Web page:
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Every pregnancy, like every person, is different.

From morning sickness to swollen ankles, for some women pregnancy can be an uncomfortable, and near debilitating experience. Fortunately, for the lucky ones, it’s a period during which you can continue to enjoy most of the things you did before you were pregnant, including exercise.

Pain Relief and Prevention for Backaches and Stiff Joints

Being stuck at a desk all day doesn’t get easier once you have a tiny human growing inside you. In fact, it gets even less comfortable and even more awkward, and can cause pregnant women to experience backaches and stiff joints that can become very painful when left untreated.

As it turns out, getting a little exercise can make you feel a whole lot better. Not only does exercise help lubricate achy joints but, according to KidsHealth.org, exercising while pregnant can help relieve backaches and improve your posture by strengthening muscles in the back, butt and thighs (and if you’re finding that your digestive process has slowed down at all, it can help that too).

In addition to helping relieve existing aches and pains, exercise during pregnancy can actually help prepare your body for the birth of your baby, says babycenter.ca.

We’re not saying that being fit guarantees an easier, or faster, labour but building a strong core and increasing your stamina can help you cope with the physical demands of labour and delivery.

Weight Gain, Hormones and Stress: Work Out to Stay Sane

The benefits of working out while pregnant are far from just medical. Let’s start with weight gain.

Weight gain during pregnancy is a normal part of pregnancy. Your baby needs an incubator that grows as fast as it does, and your beautiful belly is the absolute perfect fit. That being said, having little control over the rapid weight gain that comes with having a baby can be hard both mentally, and physically, for many women to accept.

Working out won’t prevent you from gaining baby weight over the course of the next 9 months (nor would you want it to), but it is a great way to keep the amount of weight you gain under control. Combined with a healthy diet (check out The 7 Principles of Eating well During Pregnancy by Baby Center), a little exercise can also help speed your return to pre-baby size jeans after birth. Just remember that it took nine months to make a baby, so be sure to give yourself at least that long to recover.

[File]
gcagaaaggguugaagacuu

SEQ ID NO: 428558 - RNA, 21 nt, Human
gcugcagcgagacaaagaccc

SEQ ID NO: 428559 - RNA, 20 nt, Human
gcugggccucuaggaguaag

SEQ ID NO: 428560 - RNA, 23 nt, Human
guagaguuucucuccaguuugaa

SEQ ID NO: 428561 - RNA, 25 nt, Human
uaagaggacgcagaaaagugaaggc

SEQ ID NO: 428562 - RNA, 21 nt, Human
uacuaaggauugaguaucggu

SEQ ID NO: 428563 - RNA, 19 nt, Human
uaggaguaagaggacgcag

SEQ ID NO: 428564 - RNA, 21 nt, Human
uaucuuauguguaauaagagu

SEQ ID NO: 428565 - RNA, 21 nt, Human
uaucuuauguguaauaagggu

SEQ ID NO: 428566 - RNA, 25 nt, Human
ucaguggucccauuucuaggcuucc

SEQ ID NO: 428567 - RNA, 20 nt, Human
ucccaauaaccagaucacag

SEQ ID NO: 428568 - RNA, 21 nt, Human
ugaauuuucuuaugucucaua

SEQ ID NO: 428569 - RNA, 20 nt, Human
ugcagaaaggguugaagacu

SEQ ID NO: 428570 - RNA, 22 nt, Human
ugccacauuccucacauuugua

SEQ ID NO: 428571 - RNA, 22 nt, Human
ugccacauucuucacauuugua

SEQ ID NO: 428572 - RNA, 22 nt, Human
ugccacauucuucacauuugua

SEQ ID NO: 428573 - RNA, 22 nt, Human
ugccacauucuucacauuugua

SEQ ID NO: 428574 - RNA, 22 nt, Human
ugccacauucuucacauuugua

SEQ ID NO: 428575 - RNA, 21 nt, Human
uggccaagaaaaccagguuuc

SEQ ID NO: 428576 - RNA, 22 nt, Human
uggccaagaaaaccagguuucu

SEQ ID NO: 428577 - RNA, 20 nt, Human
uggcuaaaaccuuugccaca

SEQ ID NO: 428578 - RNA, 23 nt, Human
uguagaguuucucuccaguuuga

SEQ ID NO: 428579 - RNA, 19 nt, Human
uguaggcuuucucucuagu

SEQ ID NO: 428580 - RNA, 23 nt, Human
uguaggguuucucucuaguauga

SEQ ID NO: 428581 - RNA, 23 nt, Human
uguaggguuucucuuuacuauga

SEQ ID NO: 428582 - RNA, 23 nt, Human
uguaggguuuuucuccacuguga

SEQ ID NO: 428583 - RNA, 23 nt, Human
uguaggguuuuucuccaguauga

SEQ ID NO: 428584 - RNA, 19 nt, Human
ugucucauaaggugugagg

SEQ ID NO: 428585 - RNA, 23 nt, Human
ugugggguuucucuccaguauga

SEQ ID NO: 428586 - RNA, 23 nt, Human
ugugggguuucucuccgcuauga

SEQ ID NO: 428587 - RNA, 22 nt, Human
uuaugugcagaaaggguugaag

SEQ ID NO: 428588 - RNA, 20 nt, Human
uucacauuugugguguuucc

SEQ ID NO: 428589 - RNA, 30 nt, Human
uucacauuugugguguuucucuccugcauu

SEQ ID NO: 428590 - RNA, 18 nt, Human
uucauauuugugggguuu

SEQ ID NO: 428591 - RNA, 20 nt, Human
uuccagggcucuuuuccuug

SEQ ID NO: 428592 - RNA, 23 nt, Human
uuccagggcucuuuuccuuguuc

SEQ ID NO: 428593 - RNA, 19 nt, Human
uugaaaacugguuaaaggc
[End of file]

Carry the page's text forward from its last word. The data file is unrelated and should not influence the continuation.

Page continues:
Pregnant Belly, Cells for Life, Cord Blood

Next up: Hormones. Hormones during pregnancy are terrible for pretty much everyone involved, except baby, who might escape relatively unscathed.

As you rollercoaster up and down between good moods and bad moods, feeling elated and feeling depressed (with no idea why), you can start to feel as if you have no control over what’s happening to your body, and your sanity.

Whether it’s starting your day with a morning walk or cutting it in half with a visit to the gym, working out is one of the easiest ways to keep those hormones in check. After all, working out releases endorphins that make us feel better and put us in a good mood. It’s not quite fire with fire, but fighting hormones with hormones is pretty close.

Last but not least, working out is your best friend when it comes to the insane amount of stress that accumulates before giving birth. From planning pre-natal classes to deciding whether or not to bank your baby’s cord blood, there are a thousand things to do, and you’ve only got 9 months to do them.

Take 30 minutes to yourself every day to hit the pause button and focus on doing something good for you, and for baby. This is your time to bond with the growing baby inside you and think about all the joy that life has yet to throw your way. Savour it, and just breathe.

What Type of Exercise Can I do?

There is a lot you can do to stay fit while pregnant, but it’s important to make sure that you don’t overdo it. How much you do while pregnant is tied directly to how much you did before you were pregnant. For example: If you weren’t a runner before you were pregnant, you might want to wait under after delivery to train for that rigorous 10k race.

According to the Mayo Clinic, most pregnant women require at least 30 minutes of moderate exercise as many times a week as possible, but having the conversation with your doctor, OBGYN or midwife before starting up a new workout routine is strongly advised.

Here are some activities that are both mom and baby friendly. Now get moving!

  • Walking
  • Yoga
  • Hiking
  • Light Jogging/Running
  • Swimming
  • Exercise Class (follow slow variations): Try Zumba or Pilates!
  • Weight lifting: Use lighter weights as lifting heavy weights can put strain on yourself and the baby.

 

 

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